timing of when women are seen during and after preg-
nancy). Further, while 92 and 85% of studies reported
interventions that targeted diet and/or physical activity
behaviour change, respectively, only 62% of studies
measured diet and 62% measured physical activity as
outcomes. There is a need for studies to include valid
and reliable diet and physical activity outcomes, par-
ticularly to investigate changes in diet and physical ac-
tivity as a mediator of weight change. Finally, the
scoping review included studies published up until
31st January 2018, therefore it is possible that add-
itional studies meeting the inclusion criteria have been
published since that time.
Fig. 3 Medium of intervention delivery across included RCTs per year
Hutchesson et al. BMC Women's Health (2020) 20:14 Page 10 of 15
There is a substantial body of research from the two
highest levels of evidence on behavioral interventions
that support women of childbearing age to prevent and
treat overweight and obesity, particularly from research
published within the last decade. The majority has fo-
cused on weight management during or after a preg-
nancy event, demonstrating a research gap to support
weight management in the young adult female popula-
tion in preconception and unrelated to pregnancy to im-
prove their own chronic disease health trajectories, with
reproductive and intergenerational health benefits for fu-
ture planned and unplanned pregnancies. Future re-
search to examine delivery modes and mediums, optimal
intervention duration and intensity, involvement of
health care providers, and involvement of under-
represented populations should be considered, both to
understand effective behavioral interventions, and to en-
sure that interventions are scalable and can be imple-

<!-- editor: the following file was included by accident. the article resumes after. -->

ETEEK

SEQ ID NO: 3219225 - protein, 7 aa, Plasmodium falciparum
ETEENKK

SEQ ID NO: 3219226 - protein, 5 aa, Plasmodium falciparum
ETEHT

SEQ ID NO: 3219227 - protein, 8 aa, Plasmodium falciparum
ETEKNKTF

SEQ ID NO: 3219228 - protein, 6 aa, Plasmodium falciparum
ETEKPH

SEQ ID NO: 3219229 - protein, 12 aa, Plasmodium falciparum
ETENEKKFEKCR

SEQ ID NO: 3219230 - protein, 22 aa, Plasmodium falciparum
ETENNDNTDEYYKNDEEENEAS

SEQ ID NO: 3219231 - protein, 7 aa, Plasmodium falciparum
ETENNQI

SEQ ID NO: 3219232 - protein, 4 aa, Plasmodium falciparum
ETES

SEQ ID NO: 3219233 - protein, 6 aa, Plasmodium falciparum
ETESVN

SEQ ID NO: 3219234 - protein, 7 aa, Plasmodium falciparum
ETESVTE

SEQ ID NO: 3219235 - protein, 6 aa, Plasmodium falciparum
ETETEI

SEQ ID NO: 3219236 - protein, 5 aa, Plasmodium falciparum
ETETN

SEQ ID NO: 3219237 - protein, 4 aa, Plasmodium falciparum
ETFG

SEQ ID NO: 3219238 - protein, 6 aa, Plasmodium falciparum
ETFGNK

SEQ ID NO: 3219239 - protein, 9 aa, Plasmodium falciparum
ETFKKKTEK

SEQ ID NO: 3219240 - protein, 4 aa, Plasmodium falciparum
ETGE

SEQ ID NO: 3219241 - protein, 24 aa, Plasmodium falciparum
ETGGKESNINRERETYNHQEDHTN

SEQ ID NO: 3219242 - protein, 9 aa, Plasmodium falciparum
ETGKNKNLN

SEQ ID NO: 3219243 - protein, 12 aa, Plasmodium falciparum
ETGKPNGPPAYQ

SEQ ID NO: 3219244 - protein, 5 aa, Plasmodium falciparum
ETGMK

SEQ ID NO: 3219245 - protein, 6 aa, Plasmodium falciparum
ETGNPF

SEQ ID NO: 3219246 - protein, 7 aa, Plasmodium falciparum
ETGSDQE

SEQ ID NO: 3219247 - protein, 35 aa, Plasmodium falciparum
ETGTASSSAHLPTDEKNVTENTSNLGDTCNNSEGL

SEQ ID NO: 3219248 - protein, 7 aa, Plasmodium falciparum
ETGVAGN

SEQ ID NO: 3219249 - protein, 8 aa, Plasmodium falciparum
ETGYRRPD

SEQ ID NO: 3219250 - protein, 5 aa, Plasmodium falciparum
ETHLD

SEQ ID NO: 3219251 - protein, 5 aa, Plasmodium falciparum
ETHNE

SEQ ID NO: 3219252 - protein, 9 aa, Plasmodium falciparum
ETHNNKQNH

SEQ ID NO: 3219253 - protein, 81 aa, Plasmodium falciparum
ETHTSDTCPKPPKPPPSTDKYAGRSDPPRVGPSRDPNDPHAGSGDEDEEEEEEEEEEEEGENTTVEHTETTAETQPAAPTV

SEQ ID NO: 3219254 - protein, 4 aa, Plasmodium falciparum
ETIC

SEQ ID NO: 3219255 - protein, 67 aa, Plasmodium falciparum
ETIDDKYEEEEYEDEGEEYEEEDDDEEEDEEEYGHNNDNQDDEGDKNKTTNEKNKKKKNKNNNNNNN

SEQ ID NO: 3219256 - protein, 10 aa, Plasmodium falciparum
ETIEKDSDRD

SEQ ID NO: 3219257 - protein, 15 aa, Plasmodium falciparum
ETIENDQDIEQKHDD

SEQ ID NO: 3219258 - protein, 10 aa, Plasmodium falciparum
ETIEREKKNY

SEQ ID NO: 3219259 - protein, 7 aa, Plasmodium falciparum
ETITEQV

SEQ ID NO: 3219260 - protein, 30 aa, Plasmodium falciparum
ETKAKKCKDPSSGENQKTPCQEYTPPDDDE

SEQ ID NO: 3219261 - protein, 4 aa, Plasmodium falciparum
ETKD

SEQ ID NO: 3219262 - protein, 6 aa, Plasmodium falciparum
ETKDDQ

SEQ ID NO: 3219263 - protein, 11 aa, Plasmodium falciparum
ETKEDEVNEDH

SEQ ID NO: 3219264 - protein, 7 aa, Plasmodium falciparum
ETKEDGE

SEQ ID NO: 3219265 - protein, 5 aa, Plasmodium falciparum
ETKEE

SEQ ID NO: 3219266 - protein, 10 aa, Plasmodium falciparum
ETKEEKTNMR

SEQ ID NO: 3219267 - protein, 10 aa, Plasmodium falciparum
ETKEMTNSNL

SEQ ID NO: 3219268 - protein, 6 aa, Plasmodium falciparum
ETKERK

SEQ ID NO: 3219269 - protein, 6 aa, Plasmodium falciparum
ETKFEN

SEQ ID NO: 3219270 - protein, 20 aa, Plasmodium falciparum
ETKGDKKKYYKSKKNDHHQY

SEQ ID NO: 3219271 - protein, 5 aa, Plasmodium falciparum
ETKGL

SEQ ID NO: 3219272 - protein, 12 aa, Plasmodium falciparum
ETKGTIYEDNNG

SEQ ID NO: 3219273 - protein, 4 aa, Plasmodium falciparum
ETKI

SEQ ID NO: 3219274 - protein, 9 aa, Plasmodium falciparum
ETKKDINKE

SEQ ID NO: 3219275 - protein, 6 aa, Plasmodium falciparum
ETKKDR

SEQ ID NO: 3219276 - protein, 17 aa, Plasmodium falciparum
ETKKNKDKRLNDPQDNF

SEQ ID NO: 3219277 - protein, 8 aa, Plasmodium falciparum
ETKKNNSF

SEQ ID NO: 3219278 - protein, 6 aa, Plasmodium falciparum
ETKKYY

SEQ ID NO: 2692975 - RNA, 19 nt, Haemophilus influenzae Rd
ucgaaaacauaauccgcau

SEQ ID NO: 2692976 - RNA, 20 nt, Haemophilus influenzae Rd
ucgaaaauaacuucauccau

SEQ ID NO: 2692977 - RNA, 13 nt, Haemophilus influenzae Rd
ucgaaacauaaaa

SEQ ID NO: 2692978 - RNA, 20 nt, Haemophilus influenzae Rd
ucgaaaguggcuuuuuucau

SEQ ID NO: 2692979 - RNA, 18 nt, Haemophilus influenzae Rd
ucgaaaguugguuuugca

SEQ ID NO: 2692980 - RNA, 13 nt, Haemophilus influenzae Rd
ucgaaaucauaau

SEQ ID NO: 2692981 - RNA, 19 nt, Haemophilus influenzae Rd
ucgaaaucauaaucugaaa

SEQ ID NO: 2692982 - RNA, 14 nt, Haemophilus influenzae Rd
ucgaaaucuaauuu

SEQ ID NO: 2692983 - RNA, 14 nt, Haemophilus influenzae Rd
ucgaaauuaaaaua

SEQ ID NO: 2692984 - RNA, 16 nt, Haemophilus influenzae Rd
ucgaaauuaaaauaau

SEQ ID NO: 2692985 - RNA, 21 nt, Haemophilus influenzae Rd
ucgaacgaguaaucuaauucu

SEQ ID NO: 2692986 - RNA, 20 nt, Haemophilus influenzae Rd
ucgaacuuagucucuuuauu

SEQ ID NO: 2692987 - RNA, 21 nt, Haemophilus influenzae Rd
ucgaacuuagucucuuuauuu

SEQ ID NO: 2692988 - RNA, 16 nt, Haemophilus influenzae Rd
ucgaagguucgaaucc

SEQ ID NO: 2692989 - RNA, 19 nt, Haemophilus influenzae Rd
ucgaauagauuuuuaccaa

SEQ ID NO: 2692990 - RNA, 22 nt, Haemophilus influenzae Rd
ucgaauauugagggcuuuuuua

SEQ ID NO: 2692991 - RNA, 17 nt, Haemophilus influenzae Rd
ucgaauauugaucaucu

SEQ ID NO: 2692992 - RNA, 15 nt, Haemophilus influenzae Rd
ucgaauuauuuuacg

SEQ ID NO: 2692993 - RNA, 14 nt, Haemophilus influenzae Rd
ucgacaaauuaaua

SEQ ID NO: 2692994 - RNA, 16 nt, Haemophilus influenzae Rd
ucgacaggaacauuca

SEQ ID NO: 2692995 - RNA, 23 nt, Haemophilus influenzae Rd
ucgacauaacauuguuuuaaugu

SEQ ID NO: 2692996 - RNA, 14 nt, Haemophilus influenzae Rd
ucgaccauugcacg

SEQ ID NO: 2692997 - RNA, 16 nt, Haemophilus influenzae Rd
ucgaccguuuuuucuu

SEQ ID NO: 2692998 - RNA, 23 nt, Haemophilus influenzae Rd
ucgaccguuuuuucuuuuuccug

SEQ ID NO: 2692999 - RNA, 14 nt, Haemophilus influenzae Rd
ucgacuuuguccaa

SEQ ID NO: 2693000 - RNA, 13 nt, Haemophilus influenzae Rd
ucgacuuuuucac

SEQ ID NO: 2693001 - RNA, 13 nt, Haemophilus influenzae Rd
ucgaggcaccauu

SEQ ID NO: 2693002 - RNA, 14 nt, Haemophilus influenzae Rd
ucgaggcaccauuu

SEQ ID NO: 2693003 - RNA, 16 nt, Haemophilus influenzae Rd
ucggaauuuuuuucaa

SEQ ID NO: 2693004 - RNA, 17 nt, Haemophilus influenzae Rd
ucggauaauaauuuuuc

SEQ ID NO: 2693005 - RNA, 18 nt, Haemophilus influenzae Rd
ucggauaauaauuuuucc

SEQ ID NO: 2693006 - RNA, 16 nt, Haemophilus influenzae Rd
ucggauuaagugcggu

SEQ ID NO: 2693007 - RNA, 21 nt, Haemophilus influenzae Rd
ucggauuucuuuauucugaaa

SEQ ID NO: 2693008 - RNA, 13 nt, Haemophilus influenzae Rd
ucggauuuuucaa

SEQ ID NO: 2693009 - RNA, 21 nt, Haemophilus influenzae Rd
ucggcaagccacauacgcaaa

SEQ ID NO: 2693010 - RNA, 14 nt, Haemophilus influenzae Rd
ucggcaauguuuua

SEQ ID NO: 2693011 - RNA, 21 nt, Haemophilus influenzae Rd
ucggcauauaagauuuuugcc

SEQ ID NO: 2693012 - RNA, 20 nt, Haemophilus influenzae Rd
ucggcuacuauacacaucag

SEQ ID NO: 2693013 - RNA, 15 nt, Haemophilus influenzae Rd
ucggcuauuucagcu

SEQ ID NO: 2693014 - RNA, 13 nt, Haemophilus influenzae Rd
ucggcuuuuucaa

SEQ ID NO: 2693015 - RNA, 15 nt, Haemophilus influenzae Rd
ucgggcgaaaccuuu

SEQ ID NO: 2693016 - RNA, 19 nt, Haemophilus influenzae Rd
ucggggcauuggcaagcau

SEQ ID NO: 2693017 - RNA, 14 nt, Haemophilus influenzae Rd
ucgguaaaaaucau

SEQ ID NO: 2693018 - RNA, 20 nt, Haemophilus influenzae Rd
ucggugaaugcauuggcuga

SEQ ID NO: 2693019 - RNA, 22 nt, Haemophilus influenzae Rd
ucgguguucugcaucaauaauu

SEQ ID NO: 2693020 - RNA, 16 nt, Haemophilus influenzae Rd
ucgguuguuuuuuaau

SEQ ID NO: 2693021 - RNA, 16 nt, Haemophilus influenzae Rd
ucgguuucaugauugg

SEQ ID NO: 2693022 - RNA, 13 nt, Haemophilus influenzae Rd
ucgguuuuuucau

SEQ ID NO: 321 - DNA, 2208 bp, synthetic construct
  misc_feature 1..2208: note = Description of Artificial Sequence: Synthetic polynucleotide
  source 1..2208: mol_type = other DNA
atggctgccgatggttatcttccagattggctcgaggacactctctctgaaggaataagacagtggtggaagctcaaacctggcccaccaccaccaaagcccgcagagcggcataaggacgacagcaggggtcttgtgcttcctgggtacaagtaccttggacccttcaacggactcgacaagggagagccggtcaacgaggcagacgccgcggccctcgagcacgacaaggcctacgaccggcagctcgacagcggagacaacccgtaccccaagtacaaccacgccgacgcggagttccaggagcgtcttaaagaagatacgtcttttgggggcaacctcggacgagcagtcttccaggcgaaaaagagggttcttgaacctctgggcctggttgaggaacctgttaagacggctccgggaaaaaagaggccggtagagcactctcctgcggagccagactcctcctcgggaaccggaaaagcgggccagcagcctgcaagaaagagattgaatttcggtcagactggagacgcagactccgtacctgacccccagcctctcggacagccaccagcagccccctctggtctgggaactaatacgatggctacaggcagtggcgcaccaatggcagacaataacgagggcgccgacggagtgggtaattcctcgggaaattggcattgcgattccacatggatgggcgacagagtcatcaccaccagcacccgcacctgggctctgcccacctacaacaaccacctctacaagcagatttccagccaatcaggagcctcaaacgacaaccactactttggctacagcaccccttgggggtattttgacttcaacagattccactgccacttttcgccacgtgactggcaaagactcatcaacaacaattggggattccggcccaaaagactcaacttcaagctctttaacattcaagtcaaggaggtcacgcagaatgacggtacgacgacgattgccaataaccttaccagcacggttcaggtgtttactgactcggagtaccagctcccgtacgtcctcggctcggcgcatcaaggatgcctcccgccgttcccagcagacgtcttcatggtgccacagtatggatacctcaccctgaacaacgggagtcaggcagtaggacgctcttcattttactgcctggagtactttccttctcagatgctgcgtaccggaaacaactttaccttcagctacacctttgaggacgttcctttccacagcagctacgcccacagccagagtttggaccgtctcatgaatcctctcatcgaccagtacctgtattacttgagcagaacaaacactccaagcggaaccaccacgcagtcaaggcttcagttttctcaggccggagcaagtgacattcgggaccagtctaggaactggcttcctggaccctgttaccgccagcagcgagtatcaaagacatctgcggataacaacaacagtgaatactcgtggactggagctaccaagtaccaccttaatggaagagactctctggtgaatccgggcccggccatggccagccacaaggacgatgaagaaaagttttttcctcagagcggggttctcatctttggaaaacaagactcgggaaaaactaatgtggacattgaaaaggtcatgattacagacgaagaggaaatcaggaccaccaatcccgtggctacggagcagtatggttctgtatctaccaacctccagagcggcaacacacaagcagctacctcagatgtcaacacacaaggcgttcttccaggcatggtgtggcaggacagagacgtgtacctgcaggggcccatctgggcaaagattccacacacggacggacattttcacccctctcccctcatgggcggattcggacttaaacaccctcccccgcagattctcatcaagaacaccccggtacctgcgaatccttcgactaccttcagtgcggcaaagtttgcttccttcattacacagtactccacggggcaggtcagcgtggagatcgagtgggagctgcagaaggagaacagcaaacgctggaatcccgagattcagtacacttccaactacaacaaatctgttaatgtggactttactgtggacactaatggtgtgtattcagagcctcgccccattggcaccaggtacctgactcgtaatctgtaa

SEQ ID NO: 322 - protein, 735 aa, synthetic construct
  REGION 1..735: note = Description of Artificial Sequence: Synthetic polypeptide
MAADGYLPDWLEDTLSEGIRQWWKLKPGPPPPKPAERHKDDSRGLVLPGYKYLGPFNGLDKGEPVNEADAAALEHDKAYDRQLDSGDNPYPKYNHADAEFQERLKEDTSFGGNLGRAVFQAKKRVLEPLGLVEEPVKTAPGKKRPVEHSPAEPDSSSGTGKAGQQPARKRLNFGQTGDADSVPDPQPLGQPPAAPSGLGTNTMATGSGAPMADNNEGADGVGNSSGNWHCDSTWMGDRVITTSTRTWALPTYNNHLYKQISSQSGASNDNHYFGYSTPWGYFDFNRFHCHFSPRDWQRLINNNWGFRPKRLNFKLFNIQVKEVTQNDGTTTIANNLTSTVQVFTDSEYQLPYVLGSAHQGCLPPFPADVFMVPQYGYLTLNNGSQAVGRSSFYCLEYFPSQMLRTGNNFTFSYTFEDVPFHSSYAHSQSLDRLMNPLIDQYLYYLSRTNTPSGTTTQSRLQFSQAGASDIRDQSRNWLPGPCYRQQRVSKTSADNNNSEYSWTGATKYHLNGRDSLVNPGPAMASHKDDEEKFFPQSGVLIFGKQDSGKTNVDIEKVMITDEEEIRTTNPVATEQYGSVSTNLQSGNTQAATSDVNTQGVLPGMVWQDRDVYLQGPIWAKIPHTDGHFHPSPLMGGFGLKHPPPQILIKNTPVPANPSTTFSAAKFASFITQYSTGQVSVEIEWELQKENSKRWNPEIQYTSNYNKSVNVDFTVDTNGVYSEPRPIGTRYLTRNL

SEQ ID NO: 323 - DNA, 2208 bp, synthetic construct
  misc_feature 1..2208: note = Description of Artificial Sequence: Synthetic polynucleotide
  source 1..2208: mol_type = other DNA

mented within policy and practice, such as through
population and primary health care.
Supplementary information accompanies this paper at https://doi.org/10.
Additional file 1: Table S1. Full electronic search for one database
(MEDLINE). Table S2. Summary of included Randomised Control Trials.
Table S3. Summary of Included Systematic Reviews.
BMI: Body mass index; GWG: Gestational weight gain; IOM: Institute of
Medicine; RCT: Randomized controlled trial
MJH, MMH, HB, SL, LM, LV, MR, JH contributed to the design/methodology
of the scoping review, as well as screening and data extraction. MJH, MMH
and HB collated the results, MH and JH drafted the manuscript, and MJH,
MMH, HB, SL, LM, LV, MR, JH read and approved the final manuscript.
The scoping review was supported by a School of Health Sciences small
grant. Dr. Melinda Hutchesson is supported by a Gladys M Brawn Career
Development Fellowship (Teaching Assistance).Dr. Siew Lim is supported by
a National Health and Medical Research Council Early Career Fellowship. A/
Prof Lisa Moran is supported by a National Heart Foundation Future Leader
Fellowship. The funding bodies played no role in the study.
Availability of data and materials
All data generated or analyzed during this study are included in this
published article [and its supplementary information files]. The databases
utilized in the search strategy were accessed via institutional licenses of the
University of Newcastle, and therefore public access to the databases is
Ethics approval and consent to participate
Consent for publication
The authors declare that they have no competing interests.
School of Health Sciences, Faculty of Health and Medicine, and Priority
Research Centre for Physical Activity and Nutrition, University of Newcastle,
University Drive, Callaghan, New South Wales, Australia.
Division of Human
Nutrition and Health, Wageningen University, Wageningen, The Netherlands.
Monash Centre for Health Research and Implementation, Monash University,
Clayton, Victoria, Australia.
School of Allied Health Science, Griffith University,
Gold Coast, Queensland, Australia.
Hunter New England Population Health,
Longworth Avenue, Wallsend, Australia.
School of Medicine and Public
Health, The University of Newcastle, Callaghan, Australia.
Centre for Health Behaviour, University of Newcastle, Callaghan, New South
Hunter Medical Research Institute, New Lambton Heights,
Received: 21 May 2019 Accepted: 10 January 2020